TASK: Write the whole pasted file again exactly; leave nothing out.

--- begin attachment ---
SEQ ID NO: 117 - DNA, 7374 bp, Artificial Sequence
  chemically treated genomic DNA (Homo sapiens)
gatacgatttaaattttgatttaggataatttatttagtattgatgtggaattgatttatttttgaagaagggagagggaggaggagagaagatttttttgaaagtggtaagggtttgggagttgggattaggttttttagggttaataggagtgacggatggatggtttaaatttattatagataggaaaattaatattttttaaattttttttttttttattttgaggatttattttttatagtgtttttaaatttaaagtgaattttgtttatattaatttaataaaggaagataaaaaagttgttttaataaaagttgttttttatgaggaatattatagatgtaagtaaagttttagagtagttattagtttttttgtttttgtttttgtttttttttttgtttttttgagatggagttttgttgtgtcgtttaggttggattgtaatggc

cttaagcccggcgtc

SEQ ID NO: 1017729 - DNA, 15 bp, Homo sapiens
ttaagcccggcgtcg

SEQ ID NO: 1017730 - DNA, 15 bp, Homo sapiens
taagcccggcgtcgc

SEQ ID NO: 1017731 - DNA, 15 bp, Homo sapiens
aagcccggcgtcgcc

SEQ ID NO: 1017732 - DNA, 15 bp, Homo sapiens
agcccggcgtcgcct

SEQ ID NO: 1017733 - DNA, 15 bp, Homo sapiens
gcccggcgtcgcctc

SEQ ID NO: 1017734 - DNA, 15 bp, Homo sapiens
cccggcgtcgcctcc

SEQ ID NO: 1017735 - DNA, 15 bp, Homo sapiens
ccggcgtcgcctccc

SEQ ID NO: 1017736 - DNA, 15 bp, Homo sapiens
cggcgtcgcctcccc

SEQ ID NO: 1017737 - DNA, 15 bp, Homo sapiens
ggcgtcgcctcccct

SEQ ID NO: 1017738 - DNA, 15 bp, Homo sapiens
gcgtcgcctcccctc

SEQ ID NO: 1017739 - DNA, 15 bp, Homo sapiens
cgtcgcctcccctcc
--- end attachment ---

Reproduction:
SEQ ID NO: 117 - DNA, 7374 bp, Artificial Sequence
  chemically treated genomic DNA (Homo sapiens)
gatacgatttaaattttgatttaggataatttatttagtattgatgtggaattgatttatttttgaagaagggagagggaggaggagagaagatttttttgaaagtggtaagggtttgggagttgggattaggttttttagggttaataggagtgacggatggatggtttaaatttattatagataggaaaattaatattttttaaattttttttttttttattttgaggatttattttttatagtgtttttaaatttaaagtgaattttgtttatattaatttaataaaggaagataaaaaagttgttttaataaaagttgttttttatgaggaatattatagatgtaagtaaagttttagagtagttattagtttttttgtttttgtttttgtttttttttttgtttttttgagatggagttttgttgtgtcgtttaggttggattgtaatggc

cttaagcccggcgtc

SEQ ID NO: 1017729 - DNA, 15 bp, Homo sapiens
ttaagcccggcgtcg

SEQ ID NO: 1017730 - DNA, 15 bp, Homo sapiens
taagcccggcgtcgc

SEQ ID NO: 1017731 - DNA, 15 bp, Homo sapiens
aagcccggcgtcgcc

SEQ ID NO: 1017732 - DNA, 15 bp, Homo sapiens
agcccggcgtcgcct

SEQ ID NO: 1017733 - DNA, 15 bp, Homo sapiens
gcccggcgtcgcctc

SEQ ID NO: 1017734 - DNA, 15 bp, Homo sapiens
cccggcgtcgcctcc

SEQ ID NO: 1017735 - DNA, 15 bp, Homo sapiens
ccggcgtcgcctccc

SEQ ID NO: 1017736 - DNA, 15 bp, Homo sapiens
cggcgtcgcctcccc

SEQ ID NO: 1017737 - DNA, 15 bp, Homo sapiens
ggcgtcgcctcccct

SEQ ID NO: 1017738 - DNA, 15 bp, Homo sapiens
gcgtcgcctcccctc

SEQ ID NO: 1017739 - DNA, 15 bp, Homo sapiens
cgtcgcctcccctcc